In Carrollton, Ga., 70 people marched, calling for an end to
raids and racial profiling. Although marchers talked about the atmosphere of
fear caused by ICE agents coming to businesses and people’s homes, they
stated proudly that their march followed in the footsteps of Dr. Martin Luther
King and César Chávez.
The Baldwin Wallace College FIST chapter in the Cleveland suburb of Berea held
a May Day celebration and educational program. BW student Mae Haury spoke of
the devastation caused by NAFTA. Martha Grevatt, a Chrysler worker and member
of her UAW local’s executive board, called May Day a holiday “not
of rest, but of revolt.” BW student and FIST chapter founder Caleb Maupin
spoke of social revolution.
Don Bryant of the Greater Cleveland Immigrant Support Network reported on Arab
and Muslim people being “disappeared” or deported. Armando Labra of
Latinos Unidos described the separation of Latino families, prisons for
children, and deportation of U.S. citizens when papers can’t be
immediately produced—an atmosphere contributing to the rise in Ku Klux
Klan activity and that of other hate groups.
SAN FRANCISCO BAY AREA
In addition to the huge ILWU work stoppage [See article on page 1], many other
actions took place in the San Francisco Bay Area with thousands in the streets
demanding immigrant and worker rights and calling for an end to U.S. wars
against Afghanistan and Iraq.
Direct Action to Stop the War gathered at 6:00 a.m. at entrances to the Port of
Oakland urging truckers and railroad workers to join the ILWU work stoppage.
The unifying goal of May Day was on their banner: “The War Is Illegal,
People Are Not!” In the predominantly Latin@ Mission neighborhood, Barrio
Unido marched for “Amnesty and Open Borders.”
Students at San Francisco State University walked out of class, protesting fee
hikes. They stopped traffic and marched into the city joining immigrant and
worker rights forces gathering in Dolores Park. Staff, teachers and students at
the June Jordan School for Equity took the day off for a “field
trip” and joined the rally.
The May 1st S.F. coalition organized the gathering in Dolores Park around the
slogan “Workers United Without Borders.” With everyone joining in,
they marched through the streets of the Mission, chanting, “We are
people, we are not illegal!” ending with a rally at City Hall.
In celebration of International Workers Day, workers participated in massive
numbers in marches and rallies spanning the globe. From over one-half million
filling the streets of Havana, Cuba, to three dozen migrant farmworkers walking
the highway in Kennett Square, Pa., the message of working-class solidarity in
the face of capitalist global exploitation was loud and clear: United workers
have power and won’t be turned back!
The next morning, U.S. Immigration and Customs Enforcement (ICE) raided 11 Bay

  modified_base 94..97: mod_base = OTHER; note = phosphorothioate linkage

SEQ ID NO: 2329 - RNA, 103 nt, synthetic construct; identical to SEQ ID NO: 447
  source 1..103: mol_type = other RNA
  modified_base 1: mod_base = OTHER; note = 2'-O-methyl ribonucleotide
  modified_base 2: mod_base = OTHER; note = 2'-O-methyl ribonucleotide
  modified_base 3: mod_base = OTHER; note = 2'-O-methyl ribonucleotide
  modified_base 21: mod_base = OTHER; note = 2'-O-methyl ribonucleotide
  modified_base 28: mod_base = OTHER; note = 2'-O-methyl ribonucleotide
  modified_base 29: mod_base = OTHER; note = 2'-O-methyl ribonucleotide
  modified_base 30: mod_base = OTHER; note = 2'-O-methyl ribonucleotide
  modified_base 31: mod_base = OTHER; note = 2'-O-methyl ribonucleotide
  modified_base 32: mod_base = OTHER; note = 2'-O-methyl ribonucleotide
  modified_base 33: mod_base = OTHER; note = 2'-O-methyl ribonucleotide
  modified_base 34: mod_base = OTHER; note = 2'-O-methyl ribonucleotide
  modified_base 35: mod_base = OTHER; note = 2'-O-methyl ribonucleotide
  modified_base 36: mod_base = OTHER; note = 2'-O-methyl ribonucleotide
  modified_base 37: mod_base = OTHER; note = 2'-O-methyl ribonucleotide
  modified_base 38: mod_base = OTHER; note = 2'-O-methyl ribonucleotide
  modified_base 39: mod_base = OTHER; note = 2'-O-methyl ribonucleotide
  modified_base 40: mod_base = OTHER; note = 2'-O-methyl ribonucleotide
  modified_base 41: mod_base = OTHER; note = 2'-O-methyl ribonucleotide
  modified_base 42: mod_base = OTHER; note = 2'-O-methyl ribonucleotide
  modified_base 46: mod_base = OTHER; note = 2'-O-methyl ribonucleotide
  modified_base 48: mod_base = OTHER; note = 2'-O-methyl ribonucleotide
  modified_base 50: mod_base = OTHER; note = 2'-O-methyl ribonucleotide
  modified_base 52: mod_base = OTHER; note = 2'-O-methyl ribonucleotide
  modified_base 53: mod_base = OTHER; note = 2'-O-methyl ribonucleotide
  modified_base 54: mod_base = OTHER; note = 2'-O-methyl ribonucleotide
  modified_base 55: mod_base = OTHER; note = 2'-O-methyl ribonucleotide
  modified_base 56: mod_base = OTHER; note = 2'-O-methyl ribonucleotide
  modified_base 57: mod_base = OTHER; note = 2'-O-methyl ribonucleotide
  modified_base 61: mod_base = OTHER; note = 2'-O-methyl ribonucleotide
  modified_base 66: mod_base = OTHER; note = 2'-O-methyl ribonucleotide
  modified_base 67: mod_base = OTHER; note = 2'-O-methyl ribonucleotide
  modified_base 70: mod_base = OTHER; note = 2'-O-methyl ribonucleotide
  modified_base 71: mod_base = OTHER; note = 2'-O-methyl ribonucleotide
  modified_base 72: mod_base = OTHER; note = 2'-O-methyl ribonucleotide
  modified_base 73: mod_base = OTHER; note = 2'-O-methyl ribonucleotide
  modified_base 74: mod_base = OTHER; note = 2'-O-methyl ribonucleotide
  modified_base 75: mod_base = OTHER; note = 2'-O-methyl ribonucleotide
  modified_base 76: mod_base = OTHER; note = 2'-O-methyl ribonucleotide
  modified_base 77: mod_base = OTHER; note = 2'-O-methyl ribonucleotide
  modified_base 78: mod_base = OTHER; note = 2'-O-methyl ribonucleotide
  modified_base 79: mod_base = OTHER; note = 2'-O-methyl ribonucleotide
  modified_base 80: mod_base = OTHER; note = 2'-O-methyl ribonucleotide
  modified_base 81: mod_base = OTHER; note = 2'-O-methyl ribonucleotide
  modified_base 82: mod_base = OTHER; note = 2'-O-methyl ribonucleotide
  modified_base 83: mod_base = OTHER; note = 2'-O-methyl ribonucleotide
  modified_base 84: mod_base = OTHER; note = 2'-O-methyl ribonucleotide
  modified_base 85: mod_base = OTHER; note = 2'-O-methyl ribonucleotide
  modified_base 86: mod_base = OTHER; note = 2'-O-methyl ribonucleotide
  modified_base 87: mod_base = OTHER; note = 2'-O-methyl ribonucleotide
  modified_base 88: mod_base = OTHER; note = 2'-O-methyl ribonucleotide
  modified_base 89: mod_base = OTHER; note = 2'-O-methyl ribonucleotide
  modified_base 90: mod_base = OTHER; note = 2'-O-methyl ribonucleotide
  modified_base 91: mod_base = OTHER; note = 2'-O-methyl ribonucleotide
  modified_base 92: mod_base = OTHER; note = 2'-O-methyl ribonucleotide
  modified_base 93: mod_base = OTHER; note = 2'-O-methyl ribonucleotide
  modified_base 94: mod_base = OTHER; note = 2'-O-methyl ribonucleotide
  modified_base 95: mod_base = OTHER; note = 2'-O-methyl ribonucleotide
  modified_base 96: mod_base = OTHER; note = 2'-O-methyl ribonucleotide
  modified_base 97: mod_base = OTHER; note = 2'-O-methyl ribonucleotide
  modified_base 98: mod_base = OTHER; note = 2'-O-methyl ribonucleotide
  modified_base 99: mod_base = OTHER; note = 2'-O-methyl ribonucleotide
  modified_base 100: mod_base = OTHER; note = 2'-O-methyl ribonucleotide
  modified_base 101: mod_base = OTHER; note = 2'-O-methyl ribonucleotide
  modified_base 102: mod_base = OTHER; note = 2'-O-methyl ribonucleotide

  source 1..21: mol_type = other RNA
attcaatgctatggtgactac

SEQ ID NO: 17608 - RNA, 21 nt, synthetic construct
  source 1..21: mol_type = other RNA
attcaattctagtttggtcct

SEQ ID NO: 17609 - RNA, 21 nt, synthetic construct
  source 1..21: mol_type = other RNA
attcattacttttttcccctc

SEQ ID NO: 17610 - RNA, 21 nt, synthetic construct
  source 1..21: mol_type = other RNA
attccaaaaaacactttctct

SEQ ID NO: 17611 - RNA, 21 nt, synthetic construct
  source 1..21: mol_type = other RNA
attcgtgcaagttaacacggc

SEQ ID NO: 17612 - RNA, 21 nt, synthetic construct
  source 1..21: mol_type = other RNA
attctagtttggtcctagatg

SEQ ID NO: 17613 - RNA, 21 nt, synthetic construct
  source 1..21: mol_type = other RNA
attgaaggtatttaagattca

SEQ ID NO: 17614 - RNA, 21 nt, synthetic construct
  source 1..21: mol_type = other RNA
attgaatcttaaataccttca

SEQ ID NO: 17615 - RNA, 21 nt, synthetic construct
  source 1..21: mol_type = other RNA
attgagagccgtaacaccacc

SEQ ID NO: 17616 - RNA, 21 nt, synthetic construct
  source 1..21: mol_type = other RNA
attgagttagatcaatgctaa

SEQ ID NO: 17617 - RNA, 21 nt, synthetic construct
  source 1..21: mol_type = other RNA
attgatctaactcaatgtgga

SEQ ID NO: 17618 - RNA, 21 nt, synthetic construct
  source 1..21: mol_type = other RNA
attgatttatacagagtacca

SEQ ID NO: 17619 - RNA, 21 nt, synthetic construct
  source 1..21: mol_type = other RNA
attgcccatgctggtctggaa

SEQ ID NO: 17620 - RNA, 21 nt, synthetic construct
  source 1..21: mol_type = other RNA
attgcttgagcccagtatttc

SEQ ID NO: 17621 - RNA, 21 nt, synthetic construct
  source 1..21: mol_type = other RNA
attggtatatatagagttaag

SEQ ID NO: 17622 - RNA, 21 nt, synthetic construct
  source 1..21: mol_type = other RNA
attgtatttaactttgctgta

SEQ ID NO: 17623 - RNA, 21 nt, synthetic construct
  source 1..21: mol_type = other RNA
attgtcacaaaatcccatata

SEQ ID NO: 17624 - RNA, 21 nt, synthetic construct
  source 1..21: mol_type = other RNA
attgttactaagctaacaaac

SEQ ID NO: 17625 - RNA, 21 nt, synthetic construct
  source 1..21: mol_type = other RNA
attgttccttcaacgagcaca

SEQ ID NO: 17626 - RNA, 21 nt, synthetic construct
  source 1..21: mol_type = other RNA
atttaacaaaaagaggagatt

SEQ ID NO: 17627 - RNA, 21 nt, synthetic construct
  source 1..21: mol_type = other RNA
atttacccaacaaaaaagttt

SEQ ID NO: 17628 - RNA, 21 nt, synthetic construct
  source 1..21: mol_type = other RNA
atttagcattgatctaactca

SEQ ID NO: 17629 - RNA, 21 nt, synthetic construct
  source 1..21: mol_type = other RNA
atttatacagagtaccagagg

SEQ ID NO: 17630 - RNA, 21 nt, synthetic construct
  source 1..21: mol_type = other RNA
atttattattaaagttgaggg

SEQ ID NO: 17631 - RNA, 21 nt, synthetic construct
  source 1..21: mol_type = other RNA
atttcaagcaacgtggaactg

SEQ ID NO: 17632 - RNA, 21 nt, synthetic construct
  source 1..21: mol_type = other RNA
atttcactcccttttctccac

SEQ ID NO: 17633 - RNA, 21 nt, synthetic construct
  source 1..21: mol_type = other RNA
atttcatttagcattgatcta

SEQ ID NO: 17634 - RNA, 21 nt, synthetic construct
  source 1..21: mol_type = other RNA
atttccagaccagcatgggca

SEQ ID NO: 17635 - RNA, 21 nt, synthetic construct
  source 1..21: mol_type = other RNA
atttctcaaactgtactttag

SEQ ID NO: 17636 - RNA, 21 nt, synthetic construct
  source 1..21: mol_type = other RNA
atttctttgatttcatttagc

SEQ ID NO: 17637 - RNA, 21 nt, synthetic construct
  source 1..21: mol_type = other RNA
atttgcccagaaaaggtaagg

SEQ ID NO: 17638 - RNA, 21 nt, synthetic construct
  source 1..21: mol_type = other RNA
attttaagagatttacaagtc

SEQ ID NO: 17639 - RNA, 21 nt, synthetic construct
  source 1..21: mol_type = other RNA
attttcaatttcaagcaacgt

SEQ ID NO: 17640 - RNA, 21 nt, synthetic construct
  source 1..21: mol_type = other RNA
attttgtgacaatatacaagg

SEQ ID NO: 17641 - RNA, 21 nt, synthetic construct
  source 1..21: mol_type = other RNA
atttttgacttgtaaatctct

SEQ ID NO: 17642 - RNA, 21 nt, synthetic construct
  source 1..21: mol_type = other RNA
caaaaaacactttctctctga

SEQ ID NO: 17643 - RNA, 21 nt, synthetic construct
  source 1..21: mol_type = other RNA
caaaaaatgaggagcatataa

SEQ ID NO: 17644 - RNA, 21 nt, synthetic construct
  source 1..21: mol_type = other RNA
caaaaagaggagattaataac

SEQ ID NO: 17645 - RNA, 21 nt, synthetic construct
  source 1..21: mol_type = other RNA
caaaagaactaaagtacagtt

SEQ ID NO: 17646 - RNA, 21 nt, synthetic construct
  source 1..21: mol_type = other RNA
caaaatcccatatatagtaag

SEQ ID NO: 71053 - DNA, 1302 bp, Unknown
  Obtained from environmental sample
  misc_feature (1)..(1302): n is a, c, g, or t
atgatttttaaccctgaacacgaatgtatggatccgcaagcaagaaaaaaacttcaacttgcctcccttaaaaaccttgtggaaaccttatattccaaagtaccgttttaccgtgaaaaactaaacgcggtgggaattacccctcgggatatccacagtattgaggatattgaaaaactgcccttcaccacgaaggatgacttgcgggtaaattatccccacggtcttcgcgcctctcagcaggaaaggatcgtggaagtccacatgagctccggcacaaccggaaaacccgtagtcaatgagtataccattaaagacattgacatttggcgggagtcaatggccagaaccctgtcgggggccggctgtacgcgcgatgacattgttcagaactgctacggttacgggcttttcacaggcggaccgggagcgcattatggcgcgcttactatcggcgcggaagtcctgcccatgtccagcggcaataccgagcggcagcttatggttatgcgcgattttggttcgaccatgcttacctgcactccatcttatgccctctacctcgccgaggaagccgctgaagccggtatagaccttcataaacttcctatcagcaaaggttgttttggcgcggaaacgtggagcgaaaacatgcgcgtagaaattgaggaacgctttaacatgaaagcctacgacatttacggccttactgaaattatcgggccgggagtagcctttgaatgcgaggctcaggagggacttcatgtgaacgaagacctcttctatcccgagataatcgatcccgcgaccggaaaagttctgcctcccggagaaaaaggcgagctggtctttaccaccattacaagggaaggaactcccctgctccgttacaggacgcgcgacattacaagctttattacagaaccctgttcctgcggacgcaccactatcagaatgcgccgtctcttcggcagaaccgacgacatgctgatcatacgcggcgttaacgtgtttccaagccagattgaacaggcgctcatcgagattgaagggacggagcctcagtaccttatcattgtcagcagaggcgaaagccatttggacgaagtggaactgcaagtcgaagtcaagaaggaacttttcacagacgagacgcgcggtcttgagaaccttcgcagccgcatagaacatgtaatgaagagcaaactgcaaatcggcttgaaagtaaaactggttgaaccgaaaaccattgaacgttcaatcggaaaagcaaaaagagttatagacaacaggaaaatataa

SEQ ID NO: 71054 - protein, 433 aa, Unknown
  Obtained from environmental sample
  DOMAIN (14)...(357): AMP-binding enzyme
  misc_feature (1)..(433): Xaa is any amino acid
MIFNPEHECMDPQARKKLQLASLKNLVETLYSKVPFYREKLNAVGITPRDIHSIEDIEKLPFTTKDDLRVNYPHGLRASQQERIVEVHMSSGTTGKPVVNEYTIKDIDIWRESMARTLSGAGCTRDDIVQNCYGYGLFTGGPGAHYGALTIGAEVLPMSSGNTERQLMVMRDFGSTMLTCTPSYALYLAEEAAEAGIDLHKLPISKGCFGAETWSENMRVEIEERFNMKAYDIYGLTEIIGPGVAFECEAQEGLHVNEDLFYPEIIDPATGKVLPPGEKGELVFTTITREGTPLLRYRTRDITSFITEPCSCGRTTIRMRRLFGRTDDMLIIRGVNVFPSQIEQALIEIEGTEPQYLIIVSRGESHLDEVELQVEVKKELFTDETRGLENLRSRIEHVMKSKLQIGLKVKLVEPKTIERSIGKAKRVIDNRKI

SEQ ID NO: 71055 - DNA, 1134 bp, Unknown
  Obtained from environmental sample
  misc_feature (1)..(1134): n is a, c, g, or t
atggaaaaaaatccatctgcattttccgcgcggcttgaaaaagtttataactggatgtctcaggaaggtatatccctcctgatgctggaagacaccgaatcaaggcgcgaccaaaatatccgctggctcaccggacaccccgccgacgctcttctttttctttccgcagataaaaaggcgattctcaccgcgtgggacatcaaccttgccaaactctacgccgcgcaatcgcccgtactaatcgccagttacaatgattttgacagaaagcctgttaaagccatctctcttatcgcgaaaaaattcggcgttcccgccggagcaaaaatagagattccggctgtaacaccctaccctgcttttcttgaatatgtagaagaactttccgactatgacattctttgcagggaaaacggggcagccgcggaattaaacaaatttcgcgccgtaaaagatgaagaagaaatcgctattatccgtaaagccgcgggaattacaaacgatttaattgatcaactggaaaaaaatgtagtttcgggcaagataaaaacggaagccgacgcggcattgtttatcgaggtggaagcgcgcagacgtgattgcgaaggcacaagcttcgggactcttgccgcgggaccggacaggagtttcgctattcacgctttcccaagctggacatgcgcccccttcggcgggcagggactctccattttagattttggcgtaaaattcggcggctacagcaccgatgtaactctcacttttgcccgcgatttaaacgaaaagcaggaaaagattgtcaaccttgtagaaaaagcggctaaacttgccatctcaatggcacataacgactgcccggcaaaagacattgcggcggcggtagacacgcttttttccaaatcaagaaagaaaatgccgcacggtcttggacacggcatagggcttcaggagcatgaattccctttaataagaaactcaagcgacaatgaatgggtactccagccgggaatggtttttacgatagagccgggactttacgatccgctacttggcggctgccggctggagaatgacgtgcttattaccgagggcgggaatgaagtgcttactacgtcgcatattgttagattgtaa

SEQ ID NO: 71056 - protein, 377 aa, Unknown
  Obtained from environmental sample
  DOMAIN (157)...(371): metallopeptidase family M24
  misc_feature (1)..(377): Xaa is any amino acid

Area El Balazo restaurants. Over 60 workers, accused of being
“illegals,” were “detained.” This act of terror by an
agency of the federal government underscores the very reason immigrant workers
and supporters have continued to march on May Day.
The waterfront cranes sat idle as the longshoremen’s union (ILWU) went on
strike against U.S. wars in Iraq and Afghanistan. Waterfront companies
reportedly lost tens of millions of dollars.
At noon, 3,000 workers marched two miles down the waterfront to Port of Seattle
headquarters for a big rally. Longshoremen from Local 19, who turned out in the
hundreds, were joined by members of the Inland Boatmen’s Union and other
unions, anti-war, and immigrant rights organizations. The action was a stunning
display of working class internationalism with the workers of Iraq and
Later 10,000 supporters of immigrant rights marched from Judkins Park, through
the Asian community and into downtown receiving strong support along the way.
The action countered the government’s mass mobilization of military
forces blanketing the country with raids, imprisonment and deportations of
The mobilization’s theme was, “We are not undocumented. We are not
illegal. We are workers!” and “For an immigration reform with
human, labor and civil rights!” The march, rally and boycott were called
by The Committee for Immigration Reform and Social Justice.
Some 20,000 people joined a massive demonstration for immigrant rights backed
by more than 100 Latin@, labor, community and religious organizations,
including the March 10 Movement and Centro Sin Fronteras. Elvira
Arellano’s son flew in from Mexico to address the crowd. Arellano and her
family became important symbols for the immigrant rights movement. She resisted
deportation for more than a year, taking sanctuary in a Chicago church until
she was arrested last August in Los Angeles and deported to Mexico.